Calving book creation turns into hot seller for Marchant
Scouting the internet for an easier way to keep track of her livestock records has jump-started Ashten Marchant’s leather crafting business.
Her idea to make a leather-bound calving book has turned into a hot seller this holiday season, after she advertised one for sale on her Facebook page, A Bar Leatherwork.
“Within hours, I had sold several, and ran out of books for the inside. Since then, the orders keep pouring in. It has definitely been a jump-start for my business,” said Marchant, who is from Newcastle, Wyo.
The calving books take anywhere from 2½ to 4 hours per book to make, depending upon the difficulty of the brand. “Brands with basket stamping have by far been the most popular design for the calving books. I do most of the brands on the computer, but when I get something more difficult like a mill iron or a cotter key, it takes more time because it is hard to draw those on a computer,” she said.
A 4-H PROJECT
Marchant first learned leather craft in the sixth grade while working on a 4-H project. Her aunt, who now makes chaps for the junior National Finals Rodeo, taught her. “Most of the things I have made have been for myself. I haven’t made a lot to sell until now,” she said. Her first leather project was a couple of bronc halters for some miniature ponies. “I spend a lot of time competing in rodeo, and all my horses have money names, so in the beginning, it was just bronc halters or headstalls to keep up with the money names,” Marchant said. “Lately, I have been getting into making chaps and calving books. I have also made a lot of leather covers for legal pads and calendars, and I also make belts. Those things are my biggest sellers.”
While in college at the University of Nebraska, Marchant had a business teacher who recognized her talent for leatherwork, and told her she should make her hobby into a business. “I packed my leather sewing machine into the dorm my last two years of college. It was a job in itself to get it up two flights of stairs in a building with no elevator. Those machines are heavy,” she said. “Luckily, my roommate only lived in the room a couple days a week, so I was able to use her side of the room for all my leather.”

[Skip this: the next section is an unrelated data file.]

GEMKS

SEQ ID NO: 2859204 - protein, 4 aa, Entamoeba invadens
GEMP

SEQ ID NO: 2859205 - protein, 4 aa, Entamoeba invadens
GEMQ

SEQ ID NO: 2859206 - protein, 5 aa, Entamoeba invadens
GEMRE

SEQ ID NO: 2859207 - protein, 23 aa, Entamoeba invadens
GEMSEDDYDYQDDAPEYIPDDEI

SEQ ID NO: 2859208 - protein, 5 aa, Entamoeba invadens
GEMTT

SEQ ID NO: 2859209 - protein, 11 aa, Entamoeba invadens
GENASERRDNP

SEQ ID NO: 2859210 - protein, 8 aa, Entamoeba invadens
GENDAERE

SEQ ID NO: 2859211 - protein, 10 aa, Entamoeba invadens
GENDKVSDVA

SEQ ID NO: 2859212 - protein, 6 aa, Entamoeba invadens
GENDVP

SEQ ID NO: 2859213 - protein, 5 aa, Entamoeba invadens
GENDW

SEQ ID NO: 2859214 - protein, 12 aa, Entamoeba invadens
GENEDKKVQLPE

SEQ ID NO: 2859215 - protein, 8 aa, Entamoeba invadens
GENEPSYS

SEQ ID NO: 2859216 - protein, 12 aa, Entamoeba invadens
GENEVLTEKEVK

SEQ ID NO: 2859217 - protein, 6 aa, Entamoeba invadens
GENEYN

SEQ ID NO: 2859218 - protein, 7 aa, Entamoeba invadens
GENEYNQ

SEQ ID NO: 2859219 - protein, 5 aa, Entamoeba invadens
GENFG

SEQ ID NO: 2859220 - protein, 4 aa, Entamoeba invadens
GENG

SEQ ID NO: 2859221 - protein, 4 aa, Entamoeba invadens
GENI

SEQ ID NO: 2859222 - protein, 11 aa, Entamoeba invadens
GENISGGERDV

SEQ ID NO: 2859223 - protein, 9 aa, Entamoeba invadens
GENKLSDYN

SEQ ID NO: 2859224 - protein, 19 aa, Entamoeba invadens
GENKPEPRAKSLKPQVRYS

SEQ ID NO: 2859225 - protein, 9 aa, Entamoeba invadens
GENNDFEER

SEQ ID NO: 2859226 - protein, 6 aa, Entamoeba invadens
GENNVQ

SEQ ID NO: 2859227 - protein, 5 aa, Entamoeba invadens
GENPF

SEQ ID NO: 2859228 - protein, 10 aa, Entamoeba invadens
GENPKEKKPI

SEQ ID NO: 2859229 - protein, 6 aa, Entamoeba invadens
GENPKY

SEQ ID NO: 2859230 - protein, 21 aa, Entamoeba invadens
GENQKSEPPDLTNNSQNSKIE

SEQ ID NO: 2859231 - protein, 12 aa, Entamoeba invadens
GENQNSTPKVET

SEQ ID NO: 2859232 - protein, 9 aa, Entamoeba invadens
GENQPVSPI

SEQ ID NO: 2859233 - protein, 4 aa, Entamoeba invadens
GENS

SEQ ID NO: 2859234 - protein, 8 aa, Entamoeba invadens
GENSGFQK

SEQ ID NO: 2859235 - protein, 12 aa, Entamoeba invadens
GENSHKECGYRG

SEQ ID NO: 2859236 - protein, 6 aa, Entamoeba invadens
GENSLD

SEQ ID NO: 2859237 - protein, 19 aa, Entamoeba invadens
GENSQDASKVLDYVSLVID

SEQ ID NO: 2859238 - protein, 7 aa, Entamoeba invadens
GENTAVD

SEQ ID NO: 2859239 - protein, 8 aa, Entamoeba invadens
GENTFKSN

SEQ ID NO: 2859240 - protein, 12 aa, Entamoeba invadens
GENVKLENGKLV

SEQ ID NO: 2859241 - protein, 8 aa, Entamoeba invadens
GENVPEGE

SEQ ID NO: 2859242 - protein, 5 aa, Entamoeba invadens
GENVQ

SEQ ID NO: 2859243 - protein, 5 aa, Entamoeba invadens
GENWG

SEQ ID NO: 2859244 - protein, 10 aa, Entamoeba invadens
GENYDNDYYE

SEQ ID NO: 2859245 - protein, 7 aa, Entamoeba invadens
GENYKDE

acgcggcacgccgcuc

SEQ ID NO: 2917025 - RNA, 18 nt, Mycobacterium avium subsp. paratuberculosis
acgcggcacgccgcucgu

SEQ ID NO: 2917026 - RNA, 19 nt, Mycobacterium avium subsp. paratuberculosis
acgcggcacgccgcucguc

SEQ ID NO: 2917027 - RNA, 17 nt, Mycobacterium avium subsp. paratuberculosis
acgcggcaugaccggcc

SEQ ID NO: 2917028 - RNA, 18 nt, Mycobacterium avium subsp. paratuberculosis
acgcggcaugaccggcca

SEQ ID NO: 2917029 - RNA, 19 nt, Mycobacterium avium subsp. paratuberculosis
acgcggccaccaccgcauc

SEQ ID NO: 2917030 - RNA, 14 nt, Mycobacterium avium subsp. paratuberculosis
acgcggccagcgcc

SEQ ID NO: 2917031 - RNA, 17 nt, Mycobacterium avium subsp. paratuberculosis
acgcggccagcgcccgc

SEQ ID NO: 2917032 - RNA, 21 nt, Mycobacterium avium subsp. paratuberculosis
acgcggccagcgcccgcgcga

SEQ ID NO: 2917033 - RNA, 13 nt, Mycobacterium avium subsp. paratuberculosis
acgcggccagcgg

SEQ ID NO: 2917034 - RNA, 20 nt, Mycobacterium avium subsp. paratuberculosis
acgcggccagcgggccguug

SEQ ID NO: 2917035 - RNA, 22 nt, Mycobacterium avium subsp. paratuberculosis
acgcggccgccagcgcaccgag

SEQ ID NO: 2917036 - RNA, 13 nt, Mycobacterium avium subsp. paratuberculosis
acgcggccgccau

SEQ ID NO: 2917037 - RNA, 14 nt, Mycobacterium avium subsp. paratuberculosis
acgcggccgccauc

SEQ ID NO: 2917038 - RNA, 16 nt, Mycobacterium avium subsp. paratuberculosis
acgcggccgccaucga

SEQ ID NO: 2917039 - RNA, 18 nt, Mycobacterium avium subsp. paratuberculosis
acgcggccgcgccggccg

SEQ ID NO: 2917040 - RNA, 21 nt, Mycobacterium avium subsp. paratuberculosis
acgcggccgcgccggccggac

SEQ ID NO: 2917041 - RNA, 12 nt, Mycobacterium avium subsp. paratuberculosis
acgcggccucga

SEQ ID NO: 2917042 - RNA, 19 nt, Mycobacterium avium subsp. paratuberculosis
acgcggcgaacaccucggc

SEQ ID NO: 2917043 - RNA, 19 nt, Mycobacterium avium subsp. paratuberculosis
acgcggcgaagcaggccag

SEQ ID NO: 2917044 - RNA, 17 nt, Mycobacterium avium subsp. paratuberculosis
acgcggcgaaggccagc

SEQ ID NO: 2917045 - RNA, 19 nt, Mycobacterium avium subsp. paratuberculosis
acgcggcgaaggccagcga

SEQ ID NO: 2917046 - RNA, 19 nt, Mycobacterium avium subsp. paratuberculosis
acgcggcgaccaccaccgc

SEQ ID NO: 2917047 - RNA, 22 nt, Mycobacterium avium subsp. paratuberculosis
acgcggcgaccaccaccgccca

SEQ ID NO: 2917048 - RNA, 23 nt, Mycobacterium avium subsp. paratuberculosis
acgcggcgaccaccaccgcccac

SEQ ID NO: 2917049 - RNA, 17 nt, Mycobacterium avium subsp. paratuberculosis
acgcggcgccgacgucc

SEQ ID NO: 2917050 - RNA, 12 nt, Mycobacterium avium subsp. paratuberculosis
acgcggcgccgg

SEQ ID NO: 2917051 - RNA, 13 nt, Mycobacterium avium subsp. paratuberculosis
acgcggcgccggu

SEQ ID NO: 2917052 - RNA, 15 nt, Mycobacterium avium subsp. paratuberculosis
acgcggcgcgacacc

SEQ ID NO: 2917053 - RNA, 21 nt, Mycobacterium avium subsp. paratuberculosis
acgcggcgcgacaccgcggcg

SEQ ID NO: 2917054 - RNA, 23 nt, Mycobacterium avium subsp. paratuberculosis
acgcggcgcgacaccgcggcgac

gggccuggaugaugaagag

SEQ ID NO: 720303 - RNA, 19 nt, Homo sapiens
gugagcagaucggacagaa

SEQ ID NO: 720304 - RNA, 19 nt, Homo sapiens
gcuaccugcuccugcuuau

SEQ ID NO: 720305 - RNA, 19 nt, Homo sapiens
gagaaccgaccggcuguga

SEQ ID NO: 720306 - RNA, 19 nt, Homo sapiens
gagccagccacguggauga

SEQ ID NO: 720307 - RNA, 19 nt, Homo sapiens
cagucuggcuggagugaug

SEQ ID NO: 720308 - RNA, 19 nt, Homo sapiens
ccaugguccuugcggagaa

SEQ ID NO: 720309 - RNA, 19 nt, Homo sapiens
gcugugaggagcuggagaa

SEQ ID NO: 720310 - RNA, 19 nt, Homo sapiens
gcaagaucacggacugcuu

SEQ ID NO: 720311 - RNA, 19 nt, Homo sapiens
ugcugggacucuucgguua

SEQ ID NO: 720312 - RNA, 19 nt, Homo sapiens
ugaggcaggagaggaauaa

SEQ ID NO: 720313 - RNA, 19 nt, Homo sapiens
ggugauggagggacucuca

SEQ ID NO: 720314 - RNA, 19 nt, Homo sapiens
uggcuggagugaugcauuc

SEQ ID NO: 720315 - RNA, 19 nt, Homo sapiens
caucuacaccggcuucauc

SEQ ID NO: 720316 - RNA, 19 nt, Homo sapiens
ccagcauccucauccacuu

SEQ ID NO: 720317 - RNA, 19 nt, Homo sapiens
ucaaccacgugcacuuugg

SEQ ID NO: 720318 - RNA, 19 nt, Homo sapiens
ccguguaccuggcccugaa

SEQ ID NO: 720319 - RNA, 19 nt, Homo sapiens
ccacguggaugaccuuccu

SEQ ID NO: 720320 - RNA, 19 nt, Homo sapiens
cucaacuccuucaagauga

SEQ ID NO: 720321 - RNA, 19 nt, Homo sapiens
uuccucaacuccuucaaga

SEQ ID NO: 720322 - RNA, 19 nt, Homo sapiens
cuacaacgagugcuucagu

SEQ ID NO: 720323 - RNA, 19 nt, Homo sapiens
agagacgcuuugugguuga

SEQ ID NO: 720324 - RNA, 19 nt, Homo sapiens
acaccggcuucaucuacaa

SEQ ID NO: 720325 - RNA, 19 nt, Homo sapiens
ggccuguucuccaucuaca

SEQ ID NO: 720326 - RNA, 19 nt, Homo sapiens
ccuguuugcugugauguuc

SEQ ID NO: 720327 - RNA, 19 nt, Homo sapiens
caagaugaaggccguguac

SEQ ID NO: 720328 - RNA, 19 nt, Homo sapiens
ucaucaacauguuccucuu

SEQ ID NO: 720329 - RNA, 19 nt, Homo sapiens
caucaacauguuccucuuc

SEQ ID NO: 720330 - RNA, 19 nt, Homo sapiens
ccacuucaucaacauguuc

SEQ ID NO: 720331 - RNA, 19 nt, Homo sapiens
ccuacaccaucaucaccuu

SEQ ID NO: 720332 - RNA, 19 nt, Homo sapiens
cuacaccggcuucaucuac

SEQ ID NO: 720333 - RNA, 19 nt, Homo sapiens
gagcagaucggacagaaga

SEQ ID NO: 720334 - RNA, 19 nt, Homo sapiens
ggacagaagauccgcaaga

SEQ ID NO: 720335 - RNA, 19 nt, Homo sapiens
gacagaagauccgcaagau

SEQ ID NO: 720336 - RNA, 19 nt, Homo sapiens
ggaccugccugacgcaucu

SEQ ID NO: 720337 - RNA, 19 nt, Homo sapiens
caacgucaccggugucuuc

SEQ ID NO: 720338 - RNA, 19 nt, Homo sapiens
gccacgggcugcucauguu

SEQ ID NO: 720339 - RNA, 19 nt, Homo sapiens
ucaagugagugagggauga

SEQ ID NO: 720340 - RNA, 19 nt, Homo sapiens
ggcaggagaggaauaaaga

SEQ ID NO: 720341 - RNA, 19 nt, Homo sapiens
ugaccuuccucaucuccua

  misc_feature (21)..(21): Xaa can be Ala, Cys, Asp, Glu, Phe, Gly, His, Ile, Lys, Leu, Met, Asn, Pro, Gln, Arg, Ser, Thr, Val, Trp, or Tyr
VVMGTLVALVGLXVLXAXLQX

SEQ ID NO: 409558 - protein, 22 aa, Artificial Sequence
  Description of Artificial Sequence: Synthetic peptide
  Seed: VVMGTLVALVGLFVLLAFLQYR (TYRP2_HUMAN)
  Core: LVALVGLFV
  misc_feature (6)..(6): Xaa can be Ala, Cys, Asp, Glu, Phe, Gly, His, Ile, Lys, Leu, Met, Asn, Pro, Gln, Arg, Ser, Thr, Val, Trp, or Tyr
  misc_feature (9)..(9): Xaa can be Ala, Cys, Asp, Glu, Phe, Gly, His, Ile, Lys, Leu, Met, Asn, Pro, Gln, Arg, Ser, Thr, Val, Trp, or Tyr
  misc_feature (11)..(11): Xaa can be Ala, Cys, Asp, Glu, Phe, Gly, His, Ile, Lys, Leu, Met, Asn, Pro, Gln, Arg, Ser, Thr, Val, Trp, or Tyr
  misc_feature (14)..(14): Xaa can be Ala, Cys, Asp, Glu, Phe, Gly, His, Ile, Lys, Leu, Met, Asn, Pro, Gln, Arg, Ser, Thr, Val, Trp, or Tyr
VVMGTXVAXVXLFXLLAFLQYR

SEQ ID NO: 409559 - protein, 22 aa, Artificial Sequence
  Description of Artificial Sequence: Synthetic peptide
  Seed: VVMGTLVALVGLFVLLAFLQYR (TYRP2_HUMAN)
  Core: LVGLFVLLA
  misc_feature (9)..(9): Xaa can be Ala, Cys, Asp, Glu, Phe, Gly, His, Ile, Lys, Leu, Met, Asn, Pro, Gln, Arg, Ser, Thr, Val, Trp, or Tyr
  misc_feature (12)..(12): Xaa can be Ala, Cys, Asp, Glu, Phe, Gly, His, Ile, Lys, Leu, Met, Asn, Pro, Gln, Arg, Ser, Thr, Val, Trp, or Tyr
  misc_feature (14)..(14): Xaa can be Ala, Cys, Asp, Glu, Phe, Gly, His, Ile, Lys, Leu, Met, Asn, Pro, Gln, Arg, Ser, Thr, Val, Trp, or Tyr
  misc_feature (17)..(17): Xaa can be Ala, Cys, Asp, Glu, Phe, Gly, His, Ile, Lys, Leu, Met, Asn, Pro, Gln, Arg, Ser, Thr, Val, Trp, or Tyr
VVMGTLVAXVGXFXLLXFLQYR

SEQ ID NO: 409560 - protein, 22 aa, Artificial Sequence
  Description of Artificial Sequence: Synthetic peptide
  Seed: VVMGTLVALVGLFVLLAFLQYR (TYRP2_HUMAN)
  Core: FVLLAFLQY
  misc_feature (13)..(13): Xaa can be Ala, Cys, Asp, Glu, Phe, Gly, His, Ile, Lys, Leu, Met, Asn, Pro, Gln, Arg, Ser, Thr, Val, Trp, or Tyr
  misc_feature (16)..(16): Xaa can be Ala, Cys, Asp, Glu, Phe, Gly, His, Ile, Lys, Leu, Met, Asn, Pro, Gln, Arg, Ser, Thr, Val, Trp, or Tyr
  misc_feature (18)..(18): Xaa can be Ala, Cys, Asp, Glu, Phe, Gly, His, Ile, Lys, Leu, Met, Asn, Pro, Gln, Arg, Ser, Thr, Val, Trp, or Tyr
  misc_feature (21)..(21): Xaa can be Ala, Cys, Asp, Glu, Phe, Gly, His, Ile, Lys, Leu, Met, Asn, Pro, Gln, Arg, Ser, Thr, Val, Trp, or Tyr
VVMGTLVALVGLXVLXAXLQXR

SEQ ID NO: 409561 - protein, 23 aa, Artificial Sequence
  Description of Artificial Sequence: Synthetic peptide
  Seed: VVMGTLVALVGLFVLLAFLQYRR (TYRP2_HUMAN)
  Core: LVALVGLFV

It was there that Marchant designed her first pair of chaps. “They were supposed to be made from mohair, but they came in Islamic sheep hide, so it was straight hair about 6 inches long,” she said. “I hated it because I had hair all over when the hair came out. Everyone at school probably thought I had a dog, because no matter how much I would sweep and vacuum, the hair was all over the room and all over me,” she said. “The chaps were hard to sew, but when they were finished, they were beautiful. Making them was a learning experience because I had all the hair to sew through. After that, I decided I liked them, so I have made a couple pair of leggings and some chinks.”
With her flair for design, Marchant has custom made all her own tack, with the exception of her saddle. “My favorite item is probably a tripping collar I made for my breakaway horse. I like feathers and headdresses and lots of color, so I made it with 75 colors. I spent a lot of time painting it. I wanted every color to match, and I didn’t want to use any color more than twice. It was a lot of work,” she said.
Everything Marchant makes is custom, and developed from pictures and ideas she finds on social media sites like Pinterest and Facebook. Other ideas come from things she sees on the road while competing at rodeos. “Sometimes, I will see a picture on someone’s facebook page, and think to myself how it would look on a headstall or breast collar. I also make a lot of belts, and they are not just plain basket ones. I like to use crazy colors, feathers, Indian skulls and money signs,” she said.
Marchant finds most of her supplies at a big leather show held each year in Sheridan, Wyo. “They have a lot of hides to select from, so I pick up several different colors and tooling hides. If you are going to do it as a profession, it takes a lot of leather, tools and patterns. Leatherwork is not a cheap hobby,” she said.
Hoping to one day turn her talent into a lucrative business, Marchant said she learns a little more with each item she makes. “The first year I went to the show, I picked leather based solely on what I like. I learned that my taste may be a little more on the wild side compared to what some people like, so now I pick more neutral colors. I also try to buy a lot of leather in teal, because it is a very popular color,” she said.
She also has support from others. Locally, saddlemaker Nevada Norton helps her find patterns and critiques her work. Although Marchant sells some of her work through local businesses, most of it sells through facebook at A Bar Leatherwork. She can be reached at (307) 629-1772. ❖
— Clark is a freelance livestock journalist from western Nebraska. She can be reached by email at firstname.lastname@example.org.
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